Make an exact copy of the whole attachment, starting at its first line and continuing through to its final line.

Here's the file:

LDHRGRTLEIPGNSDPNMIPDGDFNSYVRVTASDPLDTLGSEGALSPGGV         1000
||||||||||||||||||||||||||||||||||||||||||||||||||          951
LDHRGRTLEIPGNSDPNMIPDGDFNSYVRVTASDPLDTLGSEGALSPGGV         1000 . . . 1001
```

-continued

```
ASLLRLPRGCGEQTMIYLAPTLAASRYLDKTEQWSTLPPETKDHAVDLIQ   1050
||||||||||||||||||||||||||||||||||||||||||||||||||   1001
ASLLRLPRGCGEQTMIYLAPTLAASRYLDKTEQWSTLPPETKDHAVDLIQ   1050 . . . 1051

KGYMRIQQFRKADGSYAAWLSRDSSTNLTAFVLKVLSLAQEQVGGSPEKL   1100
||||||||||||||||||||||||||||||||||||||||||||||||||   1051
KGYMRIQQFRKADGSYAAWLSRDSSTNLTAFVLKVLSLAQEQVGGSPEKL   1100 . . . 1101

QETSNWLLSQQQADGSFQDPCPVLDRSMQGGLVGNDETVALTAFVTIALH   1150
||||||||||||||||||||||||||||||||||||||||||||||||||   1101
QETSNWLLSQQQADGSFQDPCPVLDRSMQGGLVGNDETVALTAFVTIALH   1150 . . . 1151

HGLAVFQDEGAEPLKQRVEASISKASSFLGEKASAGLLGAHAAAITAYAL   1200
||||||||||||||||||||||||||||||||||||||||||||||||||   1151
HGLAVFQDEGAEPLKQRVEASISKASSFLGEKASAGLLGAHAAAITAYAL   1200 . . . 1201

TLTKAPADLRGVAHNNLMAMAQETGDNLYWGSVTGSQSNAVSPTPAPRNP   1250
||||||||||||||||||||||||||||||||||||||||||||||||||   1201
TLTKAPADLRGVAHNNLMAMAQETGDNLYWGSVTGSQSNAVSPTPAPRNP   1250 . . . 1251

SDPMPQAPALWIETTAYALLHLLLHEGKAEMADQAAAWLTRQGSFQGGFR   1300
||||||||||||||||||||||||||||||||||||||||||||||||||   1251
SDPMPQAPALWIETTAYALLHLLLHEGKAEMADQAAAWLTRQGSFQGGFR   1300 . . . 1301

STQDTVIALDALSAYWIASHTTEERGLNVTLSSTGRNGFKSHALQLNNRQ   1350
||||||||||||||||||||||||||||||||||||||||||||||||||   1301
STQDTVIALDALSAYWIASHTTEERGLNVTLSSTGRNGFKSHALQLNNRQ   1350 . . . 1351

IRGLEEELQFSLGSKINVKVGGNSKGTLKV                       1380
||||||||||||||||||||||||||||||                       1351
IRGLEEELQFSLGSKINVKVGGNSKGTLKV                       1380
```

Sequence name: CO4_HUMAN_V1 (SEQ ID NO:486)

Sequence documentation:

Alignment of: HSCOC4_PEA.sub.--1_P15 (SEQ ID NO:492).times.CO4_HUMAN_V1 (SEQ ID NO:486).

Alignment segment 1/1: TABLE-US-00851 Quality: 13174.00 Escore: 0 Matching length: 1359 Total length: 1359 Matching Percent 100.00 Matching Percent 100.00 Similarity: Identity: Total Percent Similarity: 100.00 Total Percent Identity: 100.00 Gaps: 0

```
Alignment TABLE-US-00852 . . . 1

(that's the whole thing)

LDHRGRTLEIPGNSDPNMIPDGDFNSYVRVTASDPLDTLGSEGALSPGGV         1000
||||||||||||||||||||||||||||||||||||||||||||||||||          951
LDHRGRTLEIPGNSDPNMIPDGDFNSYVRVTASDPLDTLGSEGALSPGGV         1000 . . . 1001
```

-continued

```
ASLLRLPRGCGEQTMIYLAPTLAASRYLDKTEQWSTLPPETKDHAVDLIQ   1050
||||||||||||||||||||||||||||||||||||||||||||||||||   1001
ASLLRLPRGCGEQTMIYLAPTLAASRYLDKTEQWSTLPPETKDHAVDLIQ   1050 . . . 1051

KGYMRIQQFRKADGSYAAWLSRDSSTNLTAFVLKVLSLAQEQVGGSPEKL   1100
||||||||||||||||||||||||||||||||||||||||||||||||||   1051
KGYMRIQQFRKADGSYAAWLSRDSSTNLTAFVLKVLSLAQEQVGGSPEKL   1100 . . . 1101

QETSNWLLSQQQADGSFQDPCPVLDRSMQGGLVGNDETVALTAFVTIALH   1150
||||||||||||||||||||||||||||||||||||||||||||||||||   1101
QETSNWLLSQQQADGSFQDPCPVLDRSMQGGLVGNDETVALTAFVTIALH   1150 . . . 1151

HGLAVFQDEGAEPLKQRVEASISKASSFLGEKASAGLLGAHAAAITAYAL   1200
||||||||||||||||||||||||||||||||||||||||||||||||||   1151
HGLAVFQDEGAEPLKQRVEASISKASSFLGEKASAGLLGAHAAAITAYAL   1200 . . . 1201

TLTKAPADLRGVAHNNLMAMAQETGDNLYWGSVTGSQSNAVSPTPAPRNP   1250
||||||||||||||||||||||||||||||||||||||||||||||||||   1201
TLTKAPADLRGVAHNNLMAMAQETGDNLYWGSVTGSQSNAVSPTPAPRNP   1250 . . . 1251

SDPMPQAPALWIETTAYALLHLLLHEGKAEMADQAAAWLTRQGSFQGGFR   1300
||||||||||||||||||||||||||||||||||||||||||||||||||   1251
SDPMPQAPALWIETTAYALLHLLLHEGKAEMADQAAAWLTRQGSFQGGFR   1300 . . . 1301

STQDTVIALDALSAYWIASHTTEERGLNVTLSSTGRNGFKSHALQLNNRQ   1350
||||||||||||||||||||||||||||||||||||||||||||||||||   1301
STQDTVIALDALSAYWIASHTTEERGLNVTLSSTGRNGFKSHALQLNNRQ   1350 . . . 1351

IRGLEEELQFSLGSKINVKVGGNSKGTLKV                       1380
||||||||||||||||||||||||||||||                       1351
IRGLEEELQFSLGSKINVKVGGNSKGTLKV                       1380
```

Sequence name: CO4_HUMAN_V1 (SEQ ID NO:486)

Sequence documentation:

Alignment of: HSCOC4_PEA.sub.--1_P15 (SEQ ID NO:492).times.CO4_HUMAN_V1 (SEQ ID NO:486).

Alignment segment 1/1: TABLE-US-00851 Quality: 13174.00 Escore: 0 Matching length: 1359 Total length: 1359 Matching Percent 100.00 Matching Percent 100.00 Similarity: Identity: Total Percent Similarity: 100.00 Total Percent Identity: 100.00 Gaps: 0

```
Alignment TABLE-US-00852 . . . 1